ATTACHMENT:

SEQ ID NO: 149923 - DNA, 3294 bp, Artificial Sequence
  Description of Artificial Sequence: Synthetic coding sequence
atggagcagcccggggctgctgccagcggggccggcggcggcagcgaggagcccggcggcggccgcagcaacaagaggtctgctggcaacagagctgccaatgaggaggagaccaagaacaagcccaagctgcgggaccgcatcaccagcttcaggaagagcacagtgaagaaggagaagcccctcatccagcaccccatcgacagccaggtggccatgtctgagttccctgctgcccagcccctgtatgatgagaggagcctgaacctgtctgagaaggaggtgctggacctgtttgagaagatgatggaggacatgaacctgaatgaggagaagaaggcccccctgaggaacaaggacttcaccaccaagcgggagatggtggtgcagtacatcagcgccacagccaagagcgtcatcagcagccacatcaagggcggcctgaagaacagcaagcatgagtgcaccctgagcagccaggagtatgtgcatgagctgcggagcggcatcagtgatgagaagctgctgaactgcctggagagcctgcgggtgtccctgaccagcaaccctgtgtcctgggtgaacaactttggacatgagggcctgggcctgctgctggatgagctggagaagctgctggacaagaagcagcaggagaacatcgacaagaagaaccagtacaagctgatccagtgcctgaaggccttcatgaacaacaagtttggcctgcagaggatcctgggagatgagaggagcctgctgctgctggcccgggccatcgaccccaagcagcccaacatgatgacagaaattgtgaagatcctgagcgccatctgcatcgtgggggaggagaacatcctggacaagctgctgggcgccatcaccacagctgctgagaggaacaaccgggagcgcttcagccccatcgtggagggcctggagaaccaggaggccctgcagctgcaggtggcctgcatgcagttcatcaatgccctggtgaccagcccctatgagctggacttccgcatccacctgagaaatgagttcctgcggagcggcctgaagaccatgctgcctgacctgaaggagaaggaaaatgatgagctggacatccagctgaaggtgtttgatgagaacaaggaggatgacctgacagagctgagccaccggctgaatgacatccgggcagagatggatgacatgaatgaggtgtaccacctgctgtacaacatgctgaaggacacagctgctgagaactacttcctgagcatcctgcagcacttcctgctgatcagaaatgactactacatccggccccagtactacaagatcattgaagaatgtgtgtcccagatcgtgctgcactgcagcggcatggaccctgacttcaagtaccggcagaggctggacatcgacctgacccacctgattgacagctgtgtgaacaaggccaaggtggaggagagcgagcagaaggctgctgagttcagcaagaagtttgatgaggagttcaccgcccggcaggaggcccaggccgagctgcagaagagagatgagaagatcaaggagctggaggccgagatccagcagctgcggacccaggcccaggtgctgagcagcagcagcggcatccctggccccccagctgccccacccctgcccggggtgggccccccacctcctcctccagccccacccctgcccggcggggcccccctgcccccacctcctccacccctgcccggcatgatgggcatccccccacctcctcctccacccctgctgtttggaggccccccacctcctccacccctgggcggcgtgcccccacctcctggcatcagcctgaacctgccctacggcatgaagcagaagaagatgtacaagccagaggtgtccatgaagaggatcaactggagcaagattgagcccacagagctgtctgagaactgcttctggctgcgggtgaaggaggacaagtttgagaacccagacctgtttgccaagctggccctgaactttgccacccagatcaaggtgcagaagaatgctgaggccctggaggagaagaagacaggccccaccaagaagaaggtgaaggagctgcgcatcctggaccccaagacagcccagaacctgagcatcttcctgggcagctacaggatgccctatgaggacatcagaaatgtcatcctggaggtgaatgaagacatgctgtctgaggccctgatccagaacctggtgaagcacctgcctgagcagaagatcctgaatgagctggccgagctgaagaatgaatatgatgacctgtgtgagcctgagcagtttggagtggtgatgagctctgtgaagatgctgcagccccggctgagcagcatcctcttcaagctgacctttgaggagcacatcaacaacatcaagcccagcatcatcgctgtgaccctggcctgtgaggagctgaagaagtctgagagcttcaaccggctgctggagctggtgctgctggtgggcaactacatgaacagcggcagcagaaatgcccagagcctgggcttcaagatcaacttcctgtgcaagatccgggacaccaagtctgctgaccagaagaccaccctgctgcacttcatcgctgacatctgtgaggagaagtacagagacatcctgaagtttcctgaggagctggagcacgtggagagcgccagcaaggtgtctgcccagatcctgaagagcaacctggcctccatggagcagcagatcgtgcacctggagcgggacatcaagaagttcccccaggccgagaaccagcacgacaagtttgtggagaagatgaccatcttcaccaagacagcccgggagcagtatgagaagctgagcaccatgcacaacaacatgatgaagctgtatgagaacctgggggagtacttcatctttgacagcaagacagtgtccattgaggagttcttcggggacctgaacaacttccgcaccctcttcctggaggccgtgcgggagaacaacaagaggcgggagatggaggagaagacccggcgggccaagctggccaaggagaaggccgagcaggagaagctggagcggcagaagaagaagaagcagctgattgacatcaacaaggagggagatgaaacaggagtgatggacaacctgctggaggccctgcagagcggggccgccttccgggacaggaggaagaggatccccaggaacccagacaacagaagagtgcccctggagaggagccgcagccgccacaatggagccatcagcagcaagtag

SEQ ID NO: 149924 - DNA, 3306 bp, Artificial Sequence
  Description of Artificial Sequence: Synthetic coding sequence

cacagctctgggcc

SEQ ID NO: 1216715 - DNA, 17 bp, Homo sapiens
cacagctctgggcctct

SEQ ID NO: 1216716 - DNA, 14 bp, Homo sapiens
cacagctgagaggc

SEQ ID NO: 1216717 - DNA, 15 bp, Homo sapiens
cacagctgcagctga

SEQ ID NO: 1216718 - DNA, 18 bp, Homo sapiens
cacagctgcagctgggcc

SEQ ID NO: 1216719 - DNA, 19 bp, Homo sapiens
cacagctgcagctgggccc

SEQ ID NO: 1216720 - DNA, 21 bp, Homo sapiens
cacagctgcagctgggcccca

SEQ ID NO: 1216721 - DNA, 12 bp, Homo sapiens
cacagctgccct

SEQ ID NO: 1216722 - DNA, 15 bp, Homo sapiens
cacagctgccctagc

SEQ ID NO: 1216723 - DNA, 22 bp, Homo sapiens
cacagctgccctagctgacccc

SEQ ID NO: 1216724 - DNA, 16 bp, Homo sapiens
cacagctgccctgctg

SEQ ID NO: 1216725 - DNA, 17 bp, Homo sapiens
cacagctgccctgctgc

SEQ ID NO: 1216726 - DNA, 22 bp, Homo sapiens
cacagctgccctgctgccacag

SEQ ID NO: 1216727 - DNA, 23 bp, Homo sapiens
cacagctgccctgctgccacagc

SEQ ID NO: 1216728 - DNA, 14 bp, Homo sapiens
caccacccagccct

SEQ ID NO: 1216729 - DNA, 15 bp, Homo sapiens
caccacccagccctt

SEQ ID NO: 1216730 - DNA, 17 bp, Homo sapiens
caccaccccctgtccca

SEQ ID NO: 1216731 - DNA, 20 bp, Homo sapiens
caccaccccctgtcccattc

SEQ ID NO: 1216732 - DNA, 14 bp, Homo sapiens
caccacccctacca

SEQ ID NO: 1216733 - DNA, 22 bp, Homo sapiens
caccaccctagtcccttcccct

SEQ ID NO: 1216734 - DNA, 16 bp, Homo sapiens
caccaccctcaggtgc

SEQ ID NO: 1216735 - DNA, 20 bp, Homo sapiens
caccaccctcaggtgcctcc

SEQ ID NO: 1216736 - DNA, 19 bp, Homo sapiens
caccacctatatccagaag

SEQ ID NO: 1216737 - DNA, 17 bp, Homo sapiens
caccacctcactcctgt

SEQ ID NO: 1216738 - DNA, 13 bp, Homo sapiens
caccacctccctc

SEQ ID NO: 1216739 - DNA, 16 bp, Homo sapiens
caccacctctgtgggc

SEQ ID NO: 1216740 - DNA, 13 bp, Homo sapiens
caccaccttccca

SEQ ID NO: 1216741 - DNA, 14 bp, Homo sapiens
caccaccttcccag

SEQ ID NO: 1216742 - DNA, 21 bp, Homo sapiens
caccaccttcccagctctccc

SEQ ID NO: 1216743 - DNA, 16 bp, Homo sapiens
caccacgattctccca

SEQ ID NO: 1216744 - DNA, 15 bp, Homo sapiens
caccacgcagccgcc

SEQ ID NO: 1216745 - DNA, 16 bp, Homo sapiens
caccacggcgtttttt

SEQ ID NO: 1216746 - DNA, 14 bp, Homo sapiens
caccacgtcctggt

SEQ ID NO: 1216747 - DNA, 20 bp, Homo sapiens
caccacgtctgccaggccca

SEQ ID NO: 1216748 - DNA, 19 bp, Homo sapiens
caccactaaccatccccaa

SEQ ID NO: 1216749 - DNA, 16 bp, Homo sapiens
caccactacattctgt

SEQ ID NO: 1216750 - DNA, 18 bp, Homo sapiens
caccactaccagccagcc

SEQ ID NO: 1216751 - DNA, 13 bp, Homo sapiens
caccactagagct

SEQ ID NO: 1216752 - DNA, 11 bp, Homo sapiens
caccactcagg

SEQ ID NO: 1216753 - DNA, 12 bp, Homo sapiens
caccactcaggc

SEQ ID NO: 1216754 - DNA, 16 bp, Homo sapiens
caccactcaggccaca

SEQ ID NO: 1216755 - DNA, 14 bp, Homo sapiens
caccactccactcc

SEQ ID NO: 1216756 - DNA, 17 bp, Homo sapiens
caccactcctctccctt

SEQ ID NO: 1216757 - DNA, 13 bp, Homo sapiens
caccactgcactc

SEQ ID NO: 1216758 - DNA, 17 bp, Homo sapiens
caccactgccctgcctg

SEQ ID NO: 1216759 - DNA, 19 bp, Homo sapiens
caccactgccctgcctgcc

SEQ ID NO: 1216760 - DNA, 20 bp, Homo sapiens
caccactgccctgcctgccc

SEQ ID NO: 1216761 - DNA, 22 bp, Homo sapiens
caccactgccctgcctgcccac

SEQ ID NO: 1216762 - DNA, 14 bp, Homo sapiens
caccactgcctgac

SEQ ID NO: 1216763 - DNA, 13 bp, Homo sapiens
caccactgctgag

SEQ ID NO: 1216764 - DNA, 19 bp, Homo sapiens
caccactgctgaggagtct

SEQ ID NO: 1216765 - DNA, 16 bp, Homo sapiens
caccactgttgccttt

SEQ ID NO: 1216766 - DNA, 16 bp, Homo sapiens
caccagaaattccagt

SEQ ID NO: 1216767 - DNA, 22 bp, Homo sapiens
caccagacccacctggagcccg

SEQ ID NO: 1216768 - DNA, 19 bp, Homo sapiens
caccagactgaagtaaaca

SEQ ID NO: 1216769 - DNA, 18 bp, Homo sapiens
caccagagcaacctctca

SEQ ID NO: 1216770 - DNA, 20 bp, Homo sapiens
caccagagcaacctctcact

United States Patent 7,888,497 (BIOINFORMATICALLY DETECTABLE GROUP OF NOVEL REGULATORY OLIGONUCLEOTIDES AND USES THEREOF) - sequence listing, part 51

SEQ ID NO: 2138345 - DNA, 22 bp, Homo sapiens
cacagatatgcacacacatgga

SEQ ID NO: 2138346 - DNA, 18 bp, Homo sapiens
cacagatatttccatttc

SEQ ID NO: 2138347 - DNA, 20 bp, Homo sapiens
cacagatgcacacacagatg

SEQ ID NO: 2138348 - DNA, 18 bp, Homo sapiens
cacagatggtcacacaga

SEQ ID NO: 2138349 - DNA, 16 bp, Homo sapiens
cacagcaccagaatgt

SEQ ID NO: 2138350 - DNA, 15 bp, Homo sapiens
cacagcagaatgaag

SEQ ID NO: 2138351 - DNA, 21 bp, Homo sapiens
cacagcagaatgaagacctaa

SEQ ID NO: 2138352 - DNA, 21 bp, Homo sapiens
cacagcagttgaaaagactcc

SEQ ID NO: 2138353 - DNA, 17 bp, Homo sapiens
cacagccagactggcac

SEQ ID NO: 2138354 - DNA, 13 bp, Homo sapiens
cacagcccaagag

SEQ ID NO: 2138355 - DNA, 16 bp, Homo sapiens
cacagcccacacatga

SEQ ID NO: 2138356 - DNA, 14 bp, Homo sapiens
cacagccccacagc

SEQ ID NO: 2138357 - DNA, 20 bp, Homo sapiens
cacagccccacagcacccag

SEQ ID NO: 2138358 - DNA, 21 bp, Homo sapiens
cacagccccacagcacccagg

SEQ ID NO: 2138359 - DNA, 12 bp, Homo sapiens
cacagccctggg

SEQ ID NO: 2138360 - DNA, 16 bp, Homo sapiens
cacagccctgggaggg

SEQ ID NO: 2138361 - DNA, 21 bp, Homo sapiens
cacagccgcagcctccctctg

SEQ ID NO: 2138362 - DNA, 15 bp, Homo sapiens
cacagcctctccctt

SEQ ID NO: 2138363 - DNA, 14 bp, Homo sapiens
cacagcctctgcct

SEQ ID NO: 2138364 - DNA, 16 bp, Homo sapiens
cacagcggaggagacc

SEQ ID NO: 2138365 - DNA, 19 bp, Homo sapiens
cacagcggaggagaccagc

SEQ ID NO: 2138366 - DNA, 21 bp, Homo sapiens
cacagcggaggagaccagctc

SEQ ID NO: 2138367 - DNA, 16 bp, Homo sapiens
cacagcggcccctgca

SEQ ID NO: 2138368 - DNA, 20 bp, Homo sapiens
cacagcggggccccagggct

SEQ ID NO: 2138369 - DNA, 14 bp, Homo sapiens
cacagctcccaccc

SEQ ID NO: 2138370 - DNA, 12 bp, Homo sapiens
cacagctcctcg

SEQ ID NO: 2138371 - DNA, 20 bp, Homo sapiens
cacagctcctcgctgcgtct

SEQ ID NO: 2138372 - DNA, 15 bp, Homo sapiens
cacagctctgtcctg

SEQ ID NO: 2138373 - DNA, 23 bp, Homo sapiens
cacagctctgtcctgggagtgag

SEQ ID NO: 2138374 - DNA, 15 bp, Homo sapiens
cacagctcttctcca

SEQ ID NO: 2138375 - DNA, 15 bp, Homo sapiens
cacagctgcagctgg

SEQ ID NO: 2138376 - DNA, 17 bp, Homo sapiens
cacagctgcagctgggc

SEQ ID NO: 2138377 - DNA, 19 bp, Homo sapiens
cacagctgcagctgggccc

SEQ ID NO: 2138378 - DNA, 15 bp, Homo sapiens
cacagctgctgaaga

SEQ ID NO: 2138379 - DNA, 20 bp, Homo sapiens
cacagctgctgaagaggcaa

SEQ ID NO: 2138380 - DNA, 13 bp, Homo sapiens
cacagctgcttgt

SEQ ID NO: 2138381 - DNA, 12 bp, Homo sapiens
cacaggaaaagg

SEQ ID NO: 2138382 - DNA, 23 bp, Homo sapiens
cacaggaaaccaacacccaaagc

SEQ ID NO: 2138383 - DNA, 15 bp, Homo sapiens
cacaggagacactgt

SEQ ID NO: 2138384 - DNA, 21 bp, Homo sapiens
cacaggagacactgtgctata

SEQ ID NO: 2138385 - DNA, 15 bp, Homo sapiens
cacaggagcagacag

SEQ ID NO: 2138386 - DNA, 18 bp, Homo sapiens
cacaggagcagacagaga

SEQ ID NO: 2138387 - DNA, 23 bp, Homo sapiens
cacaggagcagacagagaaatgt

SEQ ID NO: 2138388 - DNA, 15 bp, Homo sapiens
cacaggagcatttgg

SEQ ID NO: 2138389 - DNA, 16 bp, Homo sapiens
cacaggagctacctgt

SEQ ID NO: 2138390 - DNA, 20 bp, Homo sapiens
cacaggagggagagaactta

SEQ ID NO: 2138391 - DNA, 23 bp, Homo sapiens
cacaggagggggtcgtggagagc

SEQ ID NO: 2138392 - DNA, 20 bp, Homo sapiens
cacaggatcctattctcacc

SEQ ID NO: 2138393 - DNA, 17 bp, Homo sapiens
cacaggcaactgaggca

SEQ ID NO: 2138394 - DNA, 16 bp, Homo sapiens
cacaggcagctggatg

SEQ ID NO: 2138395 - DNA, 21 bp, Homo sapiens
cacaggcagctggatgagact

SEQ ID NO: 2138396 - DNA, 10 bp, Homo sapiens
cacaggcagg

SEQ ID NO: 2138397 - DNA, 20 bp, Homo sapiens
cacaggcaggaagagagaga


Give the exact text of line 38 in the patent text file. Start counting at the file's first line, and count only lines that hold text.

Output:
caccaccccctgtccca